Date         1185 non-null float64
Open         1185 non-null float64
High         1185 non-null float64
Low          1185 non-null float64
Close        1185 non-null float64
Volume       1185 non-null int32
Adj Close    1185 non-null float64

Notice Date is listed as a float64.  That's exciting news!  Why is it a float64?  I'd expect it to be either a Date, a Datetime, or maybe a String - but a Float?  And why did I not get the head() output?  Let's solve the second part first - I'm going to guess it's an issue with buffering, since I've seen similar issues in the past (the distant past - C++ streams - but still).  Let's just print a bunch of spaces and hope for the best: print(' ' * 4096).  Paydirt!

         Date    Open    High     Low   Close   Volume  Adj Close
0  1426204800  188.95  191.75  187.32  188.68  5378600     188.68
1  1426118400  193.75  194.45  189.75  191.07  4123500     191.07
2  1426032000  191.15  196.18  191.01  193.74  4950300     193.74
3  1425945600  188.46  193.50  187.60  190.32  5530900     190.32
4  1425859200  194.39  194.49  188.25  190.88  6717300     190.88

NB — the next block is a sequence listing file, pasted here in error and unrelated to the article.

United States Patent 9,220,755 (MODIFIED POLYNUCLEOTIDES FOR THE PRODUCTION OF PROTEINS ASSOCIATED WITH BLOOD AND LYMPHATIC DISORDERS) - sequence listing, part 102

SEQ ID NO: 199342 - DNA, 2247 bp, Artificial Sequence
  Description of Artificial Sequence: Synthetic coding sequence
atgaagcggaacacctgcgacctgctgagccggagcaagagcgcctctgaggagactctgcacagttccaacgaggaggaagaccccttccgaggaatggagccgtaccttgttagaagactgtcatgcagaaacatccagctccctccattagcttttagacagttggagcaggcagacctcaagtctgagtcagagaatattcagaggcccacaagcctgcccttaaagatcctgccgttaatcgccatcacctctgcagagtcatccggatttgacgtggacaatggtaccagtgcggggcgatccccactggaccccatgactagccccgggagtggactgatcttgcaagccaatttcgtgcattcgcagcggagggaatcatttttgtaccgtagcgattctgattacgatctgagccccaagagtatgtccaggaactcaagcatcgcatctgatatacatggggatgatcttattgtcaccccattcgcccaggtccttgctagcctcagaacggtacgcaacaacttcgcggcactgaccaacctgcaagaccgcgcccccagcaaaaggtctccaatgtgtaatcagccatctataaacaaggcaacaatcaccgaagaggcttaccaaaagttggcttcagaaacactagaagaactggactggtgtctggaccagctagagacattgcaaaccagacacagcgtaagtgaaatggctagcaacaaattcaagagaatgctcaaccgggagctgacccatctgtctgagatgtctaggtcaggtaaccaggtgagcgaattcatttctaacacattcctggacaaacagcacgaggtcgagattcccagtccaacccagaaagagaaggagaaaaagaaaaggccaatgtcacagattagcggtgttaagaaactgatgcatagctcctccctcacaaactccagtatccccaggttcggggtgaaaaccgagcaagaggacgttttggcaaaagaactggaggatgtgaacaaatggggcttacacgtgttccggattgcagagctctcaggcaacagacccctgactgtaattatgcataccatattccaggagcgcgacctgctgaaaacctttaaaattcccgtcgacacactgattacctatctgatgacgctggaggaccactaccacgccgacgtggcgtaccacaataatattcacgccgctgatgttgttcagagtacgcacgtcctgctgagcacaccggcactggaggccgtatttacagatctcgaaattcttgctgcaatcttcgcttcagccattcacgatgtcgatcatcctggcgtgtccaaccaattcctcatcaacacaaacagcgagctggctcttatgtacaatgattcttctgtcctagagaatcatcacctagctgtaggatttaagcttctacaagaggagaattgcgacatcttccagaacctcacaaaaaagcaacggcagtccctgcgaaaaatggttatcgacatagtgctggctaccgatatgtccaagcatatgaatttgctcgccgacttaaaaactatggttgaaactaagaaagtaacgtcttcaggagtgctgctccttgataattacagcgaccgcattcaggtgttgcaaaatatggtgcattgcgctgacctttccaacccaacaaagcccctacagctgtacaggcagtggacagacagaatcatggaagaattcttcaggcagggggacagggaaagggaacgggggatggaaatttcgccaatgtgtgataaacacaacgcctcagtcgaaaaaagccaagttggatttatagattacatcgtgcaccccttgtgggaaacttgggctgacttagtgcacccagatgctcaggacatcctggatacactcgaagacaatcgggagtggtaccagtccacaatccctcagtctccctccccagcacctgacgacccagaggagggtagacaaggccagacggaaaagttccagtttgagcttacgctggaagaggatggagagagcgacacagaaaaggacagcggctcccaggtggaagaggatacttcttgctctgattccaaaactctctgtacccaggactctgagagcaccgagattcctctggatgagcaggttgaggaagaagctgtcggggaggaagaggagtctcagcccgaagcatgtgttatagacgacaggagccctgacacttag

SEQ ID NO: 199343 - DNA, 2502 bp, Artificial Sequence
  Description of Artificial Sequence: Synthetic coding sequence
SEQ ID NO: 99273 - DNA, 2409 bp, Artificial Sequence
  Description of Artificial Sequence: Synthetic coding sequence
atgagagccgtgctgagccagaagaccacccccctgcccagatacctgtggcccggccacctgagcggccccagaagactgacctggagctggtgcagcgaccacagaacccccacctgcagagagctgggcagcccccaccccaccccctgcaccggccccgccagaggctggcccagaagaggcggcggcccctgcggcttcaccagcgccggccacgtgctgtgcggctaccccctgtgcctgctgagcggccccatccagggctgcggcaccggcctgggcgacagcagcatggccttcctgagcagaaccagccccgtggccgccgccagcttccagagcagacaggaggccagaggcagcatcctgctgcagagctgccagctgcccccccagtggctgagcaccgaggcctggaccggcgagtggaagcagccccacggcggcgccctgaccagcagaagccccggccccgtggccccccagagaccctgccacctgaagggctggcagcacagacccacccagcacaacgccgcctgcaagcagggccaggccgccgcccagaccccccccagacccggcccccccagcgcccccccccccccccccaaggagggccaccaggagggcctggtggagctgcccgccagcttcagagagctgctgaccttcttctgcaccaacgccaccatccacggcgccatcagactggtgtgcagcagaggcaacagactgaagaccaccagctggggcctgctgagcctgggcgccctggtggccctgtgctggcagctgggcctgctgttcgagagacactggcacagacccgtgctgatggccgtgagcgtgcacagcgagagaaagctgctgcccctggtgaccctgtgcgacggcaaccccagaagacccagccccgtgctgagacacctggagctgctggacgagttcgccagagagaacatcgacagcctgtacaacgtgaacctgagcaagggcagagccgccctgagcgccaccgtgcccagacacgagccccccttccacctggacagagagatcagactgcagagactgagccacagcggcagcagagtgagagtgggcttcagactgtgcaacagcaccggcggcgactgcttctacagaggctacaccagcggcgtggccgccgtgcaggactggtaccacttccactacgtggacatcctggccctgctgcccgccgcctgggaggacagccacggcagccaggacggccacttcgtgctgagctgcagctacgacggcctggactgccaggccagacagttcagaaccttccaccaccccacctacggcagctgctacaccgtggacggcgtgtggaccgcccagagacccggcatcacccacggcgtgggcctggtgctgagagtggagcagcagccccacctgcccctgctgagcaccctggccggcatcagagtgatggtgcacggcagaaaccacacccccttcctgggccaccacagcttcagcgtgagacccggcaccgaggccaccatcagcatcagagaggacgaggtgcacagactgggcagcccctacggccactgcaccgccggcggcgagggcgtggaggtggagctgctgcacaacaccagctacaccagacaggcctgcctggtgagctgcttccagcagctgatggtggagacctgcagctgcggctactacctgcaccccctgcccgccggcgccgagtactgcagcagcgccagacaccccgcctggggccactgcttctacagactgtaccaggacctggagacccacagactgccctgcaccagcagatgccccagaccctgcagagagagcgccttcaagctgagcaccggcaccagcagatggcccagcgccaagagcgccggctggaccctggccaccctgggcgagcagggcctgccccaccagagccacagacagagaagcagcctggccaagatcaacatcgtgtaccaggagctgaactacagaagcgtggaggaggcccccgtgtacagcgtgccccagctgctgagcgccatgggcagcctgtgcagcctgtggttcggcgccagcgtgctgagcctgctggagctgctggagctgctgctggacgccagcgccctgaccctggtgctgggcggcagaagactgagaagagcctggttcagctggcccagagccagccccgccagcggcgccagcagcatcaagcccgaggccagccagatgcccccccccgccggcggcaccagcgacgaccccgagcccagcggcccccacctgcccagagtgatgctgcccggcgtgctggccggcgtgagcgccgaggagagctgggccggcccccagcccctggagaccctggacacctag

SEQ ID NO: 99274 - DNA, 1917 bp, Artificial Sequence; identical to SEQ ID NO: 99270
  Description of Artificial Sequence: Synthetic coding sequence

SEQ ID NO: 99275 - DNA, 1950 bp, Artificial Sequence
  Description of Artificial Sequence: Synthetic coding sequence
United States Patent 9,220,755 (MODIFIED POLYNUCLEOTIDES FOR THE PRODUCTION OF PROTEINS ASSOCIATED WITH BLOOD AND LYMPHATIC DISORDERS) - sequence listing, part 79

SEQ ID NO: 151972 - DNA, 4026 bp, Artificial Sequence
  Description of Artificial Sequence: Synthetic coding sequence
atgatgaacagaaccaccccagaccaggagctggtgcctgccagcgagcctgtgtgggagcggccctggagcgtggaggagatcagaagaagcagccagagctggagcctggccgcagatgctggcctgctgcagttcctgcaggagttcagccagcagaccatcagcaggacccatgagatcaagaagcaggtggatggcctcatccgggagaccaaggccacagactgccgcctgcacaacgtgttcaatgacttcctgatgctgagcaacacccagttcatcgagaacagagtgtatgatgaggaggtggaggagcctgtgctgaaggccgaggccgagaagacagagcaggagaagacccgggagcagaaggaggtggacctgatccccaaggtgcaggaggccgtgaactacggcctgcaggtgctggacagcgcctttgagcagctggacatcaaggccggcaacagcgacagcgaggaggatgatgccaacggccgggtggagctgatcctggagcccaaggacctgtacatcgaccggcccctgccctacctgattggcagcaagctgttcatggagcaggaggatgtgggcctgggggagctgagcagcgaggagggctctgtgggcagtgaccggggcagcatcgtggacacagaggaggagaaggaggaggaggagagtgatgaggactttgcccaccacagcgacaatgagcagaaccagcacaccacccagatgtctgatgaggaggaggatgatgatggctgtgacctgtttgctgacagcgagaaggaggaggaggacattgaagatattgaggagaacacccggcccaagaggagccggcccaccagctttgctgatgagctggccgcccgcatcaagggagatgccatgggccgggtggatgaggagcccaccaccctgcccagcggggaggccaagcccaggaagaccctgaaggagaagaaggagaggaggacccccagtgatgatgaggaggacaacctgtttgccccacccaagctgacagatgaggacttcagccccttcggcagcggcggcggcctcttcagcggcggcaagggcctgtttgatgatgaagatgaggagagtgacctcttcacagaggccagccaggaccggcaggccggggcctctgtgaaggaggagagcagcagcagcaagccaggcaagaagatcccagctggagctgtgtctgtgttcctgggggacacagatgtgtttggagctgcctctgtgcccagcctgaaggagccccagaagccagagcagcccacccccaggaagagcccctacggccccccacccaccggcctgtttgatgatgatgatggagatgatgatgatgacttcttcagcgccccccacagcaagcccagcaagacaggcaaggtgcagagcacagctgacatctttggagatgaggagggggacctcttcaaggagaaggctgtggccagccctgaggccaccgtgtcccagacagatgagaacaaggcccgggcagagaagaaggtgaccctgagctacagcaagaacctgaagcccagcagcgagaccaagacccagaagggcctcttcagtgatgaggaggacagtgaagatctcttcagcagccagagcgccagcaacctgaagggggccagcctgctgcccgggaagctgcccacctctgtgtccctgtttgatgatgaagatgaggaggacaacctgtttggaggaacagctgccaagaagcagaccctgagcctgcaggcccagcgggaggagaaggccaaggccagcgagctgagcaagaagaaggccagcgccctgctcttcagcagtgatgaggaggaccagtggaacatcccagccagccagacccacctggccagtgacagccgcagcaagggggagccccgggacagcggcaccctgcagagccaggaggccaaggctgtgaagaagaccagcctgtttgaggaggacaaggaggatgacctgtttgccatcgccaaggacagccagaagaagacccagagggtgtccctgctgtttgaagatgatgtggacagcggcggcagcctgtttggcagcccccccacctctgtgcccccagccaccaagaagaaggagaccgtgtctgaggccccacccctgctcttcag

I notice two things immediately - we were right about the lack of an index and that float actually looks like a long, in particular a timestamp.  Let's guess this is related to Posix timestamps, and add a conversion before our set_index call:

import pandas as pd
import datetime as dt

def azureml_main(dataframe1 = None, dataframe2 = None):
    dataframe1.Date = dataframe1.apply(lambda x : dt.datetime.fromtimestamp(x['Date']), axis=1)
    dataframe1.set_index('Date', inplace=True)
    dfMonthly = dataframe1.resample('M', how='mean')

    return dfMonthly,

orig_output 

This worked!  However, looking at the output there is no Date column - so I'm guessing that in the same way the input data didn't pull the first column as an index, the output doesn't write out the index either.  We'll need to turn our index back into a column: dfMonthly.reset_index(level=0, inplace=True).  Finally, all don... wha?!

Exception: Type unsupported <class 'pandas.tslib.Timestamp'>

Crap.  Looks like the output from the Python module can't handle Timestamps.  Well, we really only want the date, and strings should be fine, so lets just convert these Timestamps to strings and hope that downstream modules can handle those effectively, and in the meantime I'll let the AzureML team know.  The final code looks like:

import pandas as pd
import datetime as dt

def azureml_main(dataframe1 = None, dataframe2 = None):
    dataframe1.Date = dataframe1.apply(lambda x : dt.datetime.fromtimestamp(x['Date']), axis=1)
    dataframe1.set_index('Date', inplace=True)
    dfMonthly = dataframe1.resample('M', how='mean')
    dfMonthly.reset_index(level=0, inplace=True)
    dfMonthly.Date = dfMonthly.apply(lambda x : x['Date'].strftime('%Y-%m-%d'), axis=1)

    return dfMonthly,

I hope this helps!  If you find any other quirks let me know - I'll definitely let the AzureML team know, and add the workarounds to my list.